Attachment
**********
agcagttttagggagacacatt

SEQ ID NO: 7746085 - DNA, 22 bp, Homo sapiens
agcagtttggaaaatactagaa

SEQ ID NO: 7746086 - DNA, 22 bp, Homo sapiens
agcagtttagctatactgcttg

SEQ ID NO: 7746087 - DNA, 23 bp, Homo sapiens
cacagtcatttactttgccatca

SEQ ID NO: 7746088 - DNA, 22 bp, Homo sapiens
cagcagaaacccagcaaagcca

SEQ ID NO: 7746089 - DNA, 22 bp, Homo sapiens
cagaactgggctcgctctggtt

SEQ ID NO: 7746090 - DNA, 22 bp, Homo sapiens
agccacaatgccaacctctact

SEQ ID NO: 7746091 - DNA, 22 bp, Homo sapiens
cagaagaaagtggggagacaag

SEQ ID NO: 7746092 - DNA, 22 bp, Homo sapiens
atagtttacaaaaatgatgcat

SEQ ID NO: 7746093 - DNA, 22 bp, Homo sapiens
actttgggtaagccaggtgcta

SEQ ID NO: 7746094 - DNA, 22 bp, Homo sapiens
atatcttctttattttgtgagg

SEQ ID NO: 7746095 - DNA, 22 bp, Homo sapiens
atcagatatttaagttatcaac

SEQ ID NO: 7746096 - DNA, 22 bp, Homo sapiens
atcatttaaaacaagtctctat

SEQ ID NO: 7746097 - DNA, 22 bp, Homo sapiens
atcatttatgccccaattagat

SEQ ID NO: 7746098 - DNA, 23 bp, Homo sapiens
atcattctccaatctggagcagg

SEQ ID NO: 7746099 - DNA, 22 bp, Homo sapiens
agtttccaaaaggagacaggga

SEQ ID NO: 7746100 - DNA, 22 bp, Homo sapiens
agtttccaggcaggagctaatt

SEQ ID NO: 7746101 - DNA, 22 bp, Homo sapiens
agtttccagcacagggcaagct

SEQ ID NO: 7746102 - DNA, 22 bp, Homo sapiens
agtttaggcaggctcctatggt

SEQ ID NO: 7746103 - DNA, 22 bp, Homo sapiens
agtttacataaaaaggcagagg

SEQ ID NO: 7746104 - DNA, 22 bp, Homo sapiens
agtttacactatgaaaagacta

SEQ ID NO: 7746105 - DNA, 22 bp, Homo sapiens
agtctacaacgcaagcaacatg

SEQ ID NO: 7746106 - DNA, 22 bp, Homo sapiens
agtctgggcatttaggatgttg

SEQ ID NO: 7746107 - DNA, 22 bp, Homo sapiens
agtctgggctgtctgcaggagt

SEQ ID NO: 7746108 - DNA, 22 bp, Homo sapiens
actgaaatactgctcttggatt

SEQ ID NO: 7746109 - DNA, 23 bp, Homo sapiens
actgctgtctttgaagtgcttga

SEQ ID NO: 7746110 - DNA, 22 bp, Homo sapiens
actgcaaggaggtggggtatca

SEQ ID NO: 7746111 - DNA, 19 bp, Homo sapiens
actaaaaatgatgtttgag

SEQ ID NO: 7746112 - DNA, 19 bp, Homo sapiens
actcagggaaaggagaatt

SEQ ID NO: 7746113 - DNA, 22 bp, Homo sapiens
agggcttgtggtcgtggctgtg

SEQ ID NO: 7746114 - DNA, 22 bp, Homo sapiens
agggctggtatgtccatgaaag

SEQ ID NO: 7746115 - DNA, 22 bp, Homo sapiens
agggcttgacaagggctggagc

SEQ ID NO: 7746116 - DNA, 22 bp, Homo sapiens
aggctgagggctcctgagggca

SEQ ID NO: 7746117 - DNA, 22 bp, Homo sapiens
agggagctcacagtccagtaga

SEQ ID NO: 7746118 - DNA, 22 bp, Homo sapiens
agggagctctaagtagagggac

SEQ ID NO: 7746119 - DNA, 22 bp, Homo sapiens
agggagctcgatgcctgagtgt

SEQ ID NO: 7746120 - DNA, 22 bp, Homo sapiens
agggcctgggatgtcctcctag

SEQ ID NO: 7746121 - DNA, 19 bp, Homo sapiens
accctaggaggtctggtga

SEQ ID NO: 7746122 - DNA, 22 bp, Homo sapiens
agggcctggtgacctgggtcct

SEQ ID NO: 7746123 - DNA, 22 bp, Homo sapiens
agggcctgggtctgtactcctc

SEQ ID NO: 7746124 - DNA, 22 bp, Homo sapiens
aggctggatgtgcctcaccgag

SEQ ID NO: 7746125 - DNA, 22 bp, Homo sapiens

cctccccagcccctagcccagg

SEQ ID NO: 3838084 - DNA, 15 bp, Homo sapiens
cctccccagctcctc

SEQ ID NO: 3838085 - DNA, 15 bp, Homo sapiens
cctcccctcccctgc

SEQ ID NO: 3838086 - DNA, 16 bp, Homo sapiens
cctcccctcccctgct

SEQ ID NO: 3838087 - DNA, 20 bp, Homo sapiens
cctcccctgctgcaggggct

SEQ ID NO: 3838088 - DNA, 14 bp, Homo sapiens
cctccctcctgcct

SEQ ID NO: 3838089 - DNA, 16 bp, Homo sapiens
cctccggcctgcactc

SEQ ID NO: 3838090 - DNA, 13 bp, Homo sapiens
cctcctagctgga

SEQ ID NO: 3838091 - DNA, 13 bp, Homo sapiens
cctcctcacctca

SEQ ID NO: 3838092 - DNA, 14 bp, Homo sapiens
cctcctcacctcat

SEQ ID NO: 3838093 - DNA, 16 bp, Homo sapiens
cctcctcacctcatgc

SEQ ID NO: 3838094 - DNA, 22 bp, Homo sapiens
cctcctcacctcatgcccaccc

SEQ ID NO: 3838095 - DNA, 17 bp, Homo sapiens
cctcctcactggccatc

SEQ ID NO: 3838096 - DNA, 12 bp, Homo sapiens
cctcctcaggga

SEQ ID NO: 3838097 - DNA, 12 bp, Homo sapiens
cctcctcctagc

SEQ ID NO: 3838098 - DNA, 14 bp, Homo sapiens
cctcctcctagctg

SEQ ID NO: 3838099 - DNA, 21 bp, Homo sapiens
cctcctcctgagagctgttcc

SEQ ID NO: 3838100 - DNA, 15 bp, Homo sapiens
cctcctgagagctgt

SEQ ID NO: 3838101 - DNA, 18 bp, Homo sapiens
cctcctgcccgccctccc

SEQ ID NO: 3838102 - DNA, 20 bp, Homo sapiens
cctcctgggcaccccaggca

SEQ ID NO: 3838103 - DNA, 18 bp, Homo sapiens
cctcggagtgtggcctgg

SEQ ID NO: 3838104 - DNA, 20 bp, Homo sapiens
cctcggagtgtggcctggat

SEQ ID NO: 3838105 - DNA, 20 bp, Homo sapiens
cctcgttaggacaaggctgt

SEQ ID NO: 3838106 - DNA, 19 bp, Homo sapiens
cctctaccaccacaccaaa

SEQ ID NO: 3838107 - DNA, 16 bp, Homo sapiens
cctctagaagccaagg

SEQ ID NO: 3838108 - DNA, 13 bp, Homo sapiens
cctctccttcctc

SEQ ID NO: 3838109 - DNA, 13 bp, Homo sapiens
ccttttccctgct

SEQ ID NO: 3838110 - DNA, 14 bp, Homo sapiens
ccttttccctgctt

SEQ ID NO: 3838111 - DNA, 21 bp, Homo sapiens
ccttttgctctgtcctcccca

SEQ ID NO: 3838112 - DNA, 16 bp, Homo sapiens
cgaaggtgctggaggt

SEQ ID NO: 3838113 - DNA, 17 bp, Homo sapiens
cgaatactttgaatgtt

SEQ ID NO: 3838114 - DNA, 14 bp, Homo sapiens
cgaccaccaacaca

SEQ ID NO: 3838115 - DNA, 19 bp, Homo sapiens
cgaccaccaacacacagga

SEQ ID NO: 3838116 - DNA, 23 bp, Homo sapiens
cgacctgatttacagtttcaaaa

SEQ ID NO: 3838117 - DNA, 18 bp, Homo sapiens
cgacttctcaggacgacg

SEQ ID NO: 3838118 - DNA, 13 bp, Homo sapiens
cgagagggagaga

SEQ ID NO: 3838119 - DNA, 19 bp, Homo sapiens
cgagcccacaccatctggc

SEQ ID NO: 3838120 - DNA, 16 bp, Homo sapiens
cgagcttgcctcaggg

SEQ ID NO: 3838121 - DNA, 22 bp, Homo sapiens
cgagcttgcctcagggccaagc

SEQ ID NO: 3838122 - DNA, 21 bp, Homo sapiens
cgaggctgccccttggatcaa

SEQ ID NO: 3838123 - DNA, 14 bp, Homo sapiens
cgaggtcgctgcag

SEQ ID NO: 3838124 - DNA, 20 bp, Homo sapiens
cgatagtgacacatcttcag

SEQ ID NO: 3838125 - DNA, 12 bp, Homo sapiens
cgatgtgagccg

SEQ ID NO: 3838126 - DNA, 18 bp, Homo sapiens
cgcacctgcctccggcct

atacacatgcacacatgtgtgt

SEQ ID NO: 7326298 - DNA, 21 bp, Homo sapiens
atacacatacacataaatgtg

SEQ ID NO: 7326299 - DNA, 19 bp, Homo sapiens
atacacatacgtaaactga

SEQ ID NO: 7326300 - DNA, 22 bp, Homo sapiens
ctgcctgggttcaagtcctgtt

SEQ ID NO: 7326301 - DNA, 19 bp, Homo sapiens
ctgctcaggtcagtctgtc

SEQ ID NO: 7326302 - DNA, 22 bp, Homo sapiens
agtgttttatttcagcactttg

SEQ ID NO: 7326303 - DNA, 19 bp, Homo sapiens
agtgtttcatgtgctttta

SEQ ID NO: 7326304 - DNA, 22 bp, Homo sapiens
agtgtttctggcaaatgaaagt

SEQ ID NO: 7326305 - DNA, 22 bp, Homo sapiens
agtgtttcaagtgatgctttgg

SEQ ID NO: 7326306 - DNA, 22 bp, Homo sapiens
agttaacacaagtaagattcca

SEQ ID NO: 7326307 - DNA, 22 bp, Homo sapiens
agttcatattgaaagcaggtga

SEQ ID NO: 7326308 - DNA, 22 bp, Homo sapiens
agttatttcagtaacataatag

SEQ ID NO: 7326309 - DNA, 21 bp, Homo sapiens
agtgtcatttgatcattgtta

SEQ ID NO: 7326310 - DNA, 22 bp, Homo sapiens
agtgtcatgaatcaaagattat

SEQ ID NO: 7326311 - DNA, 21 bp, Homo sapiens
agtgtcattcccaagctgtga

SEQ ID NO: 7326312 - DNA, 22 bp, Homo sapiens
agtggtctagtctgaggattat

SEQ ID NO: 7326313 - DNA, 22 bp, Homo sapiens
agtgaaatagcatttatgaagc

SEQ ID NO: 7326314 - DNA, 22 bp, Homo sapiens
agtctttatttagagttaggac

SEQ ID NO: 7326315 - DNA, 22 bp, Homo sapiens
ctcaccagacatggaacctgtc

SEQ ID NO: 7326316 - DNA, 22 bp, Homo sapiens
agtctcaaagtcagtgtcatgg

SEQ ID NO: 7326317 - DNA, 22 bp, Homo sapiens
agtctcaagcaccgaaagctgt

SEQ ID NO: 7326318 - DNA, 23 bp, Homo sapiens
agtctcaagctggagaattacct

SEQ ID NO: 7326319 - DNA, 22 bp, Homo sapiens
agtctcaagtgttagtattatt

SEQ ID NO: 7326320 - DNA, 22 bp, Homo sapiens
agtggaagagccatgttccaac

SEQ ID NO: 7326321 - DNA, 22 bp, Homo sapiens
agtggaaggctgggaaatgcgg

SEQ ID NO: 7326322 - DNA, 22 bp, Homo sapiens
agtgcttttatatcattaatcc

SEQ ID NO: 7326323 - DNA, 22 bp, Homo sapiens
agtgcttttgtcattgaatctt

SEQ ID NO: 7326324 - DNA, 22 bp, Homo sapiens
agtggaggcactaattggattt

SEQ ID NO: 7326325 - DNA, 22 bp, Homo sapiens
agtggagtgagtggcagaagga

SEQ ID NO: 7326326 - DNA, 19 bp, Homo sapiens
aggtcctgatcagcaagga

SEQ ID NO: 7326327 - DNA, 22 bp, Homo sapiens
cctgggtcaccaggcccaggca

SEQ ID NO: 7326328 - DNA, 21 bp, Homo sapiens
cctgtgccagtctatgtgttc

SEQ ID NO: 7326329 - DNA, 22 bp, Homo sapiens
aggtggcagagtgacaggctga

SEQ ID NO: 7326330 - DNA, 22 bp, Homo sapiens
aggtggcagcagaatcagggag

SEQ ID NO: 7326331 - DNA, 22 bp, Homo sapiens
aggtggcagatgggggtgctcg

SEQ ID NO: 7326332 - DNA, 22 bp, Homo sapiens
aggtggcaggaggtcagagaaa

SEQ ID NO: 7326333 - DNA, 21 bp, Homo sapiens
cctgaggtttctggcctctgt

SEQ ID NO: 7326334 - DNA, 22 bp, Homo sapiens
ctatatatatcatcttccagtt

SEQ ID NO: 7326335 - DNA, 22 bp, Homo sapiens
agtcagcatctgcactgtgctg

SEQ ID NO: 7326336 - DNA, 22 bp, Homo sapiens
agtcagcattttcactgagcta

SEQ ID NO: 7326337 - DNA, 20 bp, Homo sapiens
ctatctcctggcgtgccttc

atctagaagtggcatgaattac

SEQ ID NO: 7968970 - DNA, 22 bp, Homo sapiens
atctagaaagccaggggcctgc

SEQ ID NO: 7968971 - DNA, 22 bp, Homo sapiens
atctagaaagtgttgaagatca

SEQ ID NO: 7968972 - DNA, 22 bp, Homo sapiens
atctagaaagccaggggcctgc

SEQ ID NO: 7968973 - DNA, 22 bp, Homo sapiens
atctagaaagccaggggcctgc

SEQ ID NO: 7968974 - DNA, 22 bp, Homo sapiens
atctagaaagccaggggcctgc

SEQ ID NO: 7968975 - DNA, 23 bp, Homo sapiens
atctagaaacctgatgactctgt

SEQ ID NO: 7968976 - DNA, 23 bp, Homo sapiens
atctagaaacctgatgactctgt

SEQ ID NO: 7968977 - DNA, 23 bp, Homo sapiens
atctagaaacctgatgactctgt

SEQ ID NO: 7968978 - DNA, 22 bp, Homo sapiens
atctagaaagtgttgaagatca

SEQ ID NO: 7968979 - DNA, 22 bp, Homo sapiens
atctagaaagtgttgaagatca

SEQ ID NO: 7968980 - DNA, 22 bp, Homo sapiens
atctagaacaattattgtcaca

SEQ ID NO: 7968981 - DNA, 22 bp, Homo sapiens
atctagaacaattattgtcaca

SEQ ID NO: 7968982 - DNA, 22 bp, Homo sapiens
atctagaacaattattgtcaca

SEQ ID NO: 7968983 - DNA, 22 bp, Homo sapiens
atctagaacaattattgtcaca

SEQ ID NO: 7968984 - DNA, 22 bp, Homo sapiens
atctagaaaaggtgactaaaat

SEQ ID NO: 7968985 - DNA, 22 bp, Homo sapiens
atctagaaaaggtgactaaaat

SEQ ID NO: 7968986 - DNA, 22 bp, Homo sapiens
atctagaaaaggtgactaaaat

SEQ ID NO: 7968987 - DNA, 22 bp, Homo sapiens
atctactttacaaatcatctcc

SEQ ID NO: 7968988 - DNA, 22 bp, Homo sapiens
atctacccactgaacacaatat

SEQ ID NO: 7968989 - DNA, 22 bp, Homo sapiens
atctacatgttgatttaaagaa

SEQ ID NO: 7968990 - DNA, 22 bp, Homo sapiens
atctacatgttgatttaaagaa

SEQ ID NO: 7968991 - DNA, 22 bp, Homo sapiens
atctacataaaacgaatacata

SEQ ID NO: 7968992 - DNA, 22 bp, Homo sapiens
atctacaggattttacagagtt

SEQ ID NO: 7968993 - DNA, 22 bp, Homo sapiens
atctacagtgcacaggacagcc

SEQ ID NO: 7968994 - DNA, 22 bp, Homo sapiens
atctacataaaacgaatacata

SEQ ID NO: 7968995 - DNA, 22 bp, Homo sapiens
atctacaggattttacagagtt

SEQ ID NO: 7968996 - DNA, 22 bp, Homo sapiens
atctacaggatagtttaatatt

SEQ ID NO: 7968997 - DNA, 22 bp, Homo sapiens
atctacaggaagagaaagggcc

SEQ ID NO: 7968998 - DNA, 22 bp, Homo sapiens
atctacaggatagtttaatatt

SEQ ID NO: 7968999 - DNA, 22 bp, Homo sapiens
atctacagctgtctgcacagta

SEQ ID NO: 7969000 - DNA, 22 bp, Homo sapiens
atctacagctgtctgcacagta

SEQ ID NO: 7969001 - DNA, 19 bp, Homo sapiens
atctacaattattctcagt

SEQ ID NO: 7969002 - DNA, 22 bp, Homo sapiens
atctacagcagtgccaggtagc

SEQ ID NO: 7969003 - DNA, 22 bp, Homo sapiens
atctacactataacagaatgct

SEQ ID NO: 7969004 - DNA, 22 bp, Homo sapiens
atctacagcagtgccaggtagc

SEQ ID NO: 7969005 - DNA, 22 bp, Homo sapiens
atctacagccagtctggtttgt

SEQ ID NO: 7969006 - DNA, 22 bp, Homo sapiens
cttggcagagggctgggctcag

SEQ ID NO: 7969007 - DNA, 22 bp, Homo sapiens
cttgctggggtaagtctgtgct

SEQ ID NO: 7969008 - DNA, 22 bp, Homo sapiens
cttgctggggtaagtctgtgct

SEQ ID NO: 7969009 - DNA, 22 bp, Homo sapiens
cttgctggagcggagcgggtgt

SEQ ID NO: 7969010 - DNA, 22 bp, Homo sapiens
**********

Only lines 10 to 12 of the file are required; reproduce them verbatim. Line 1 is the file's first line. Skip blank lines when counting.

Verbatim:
SEQ ID NO: 7746089 - DNA, 22 bp, Homo sapiens
cagaactgggctcgctctggtt

SEQ ID NO: 7746090 - DNA, 22 bp, Homo sapiens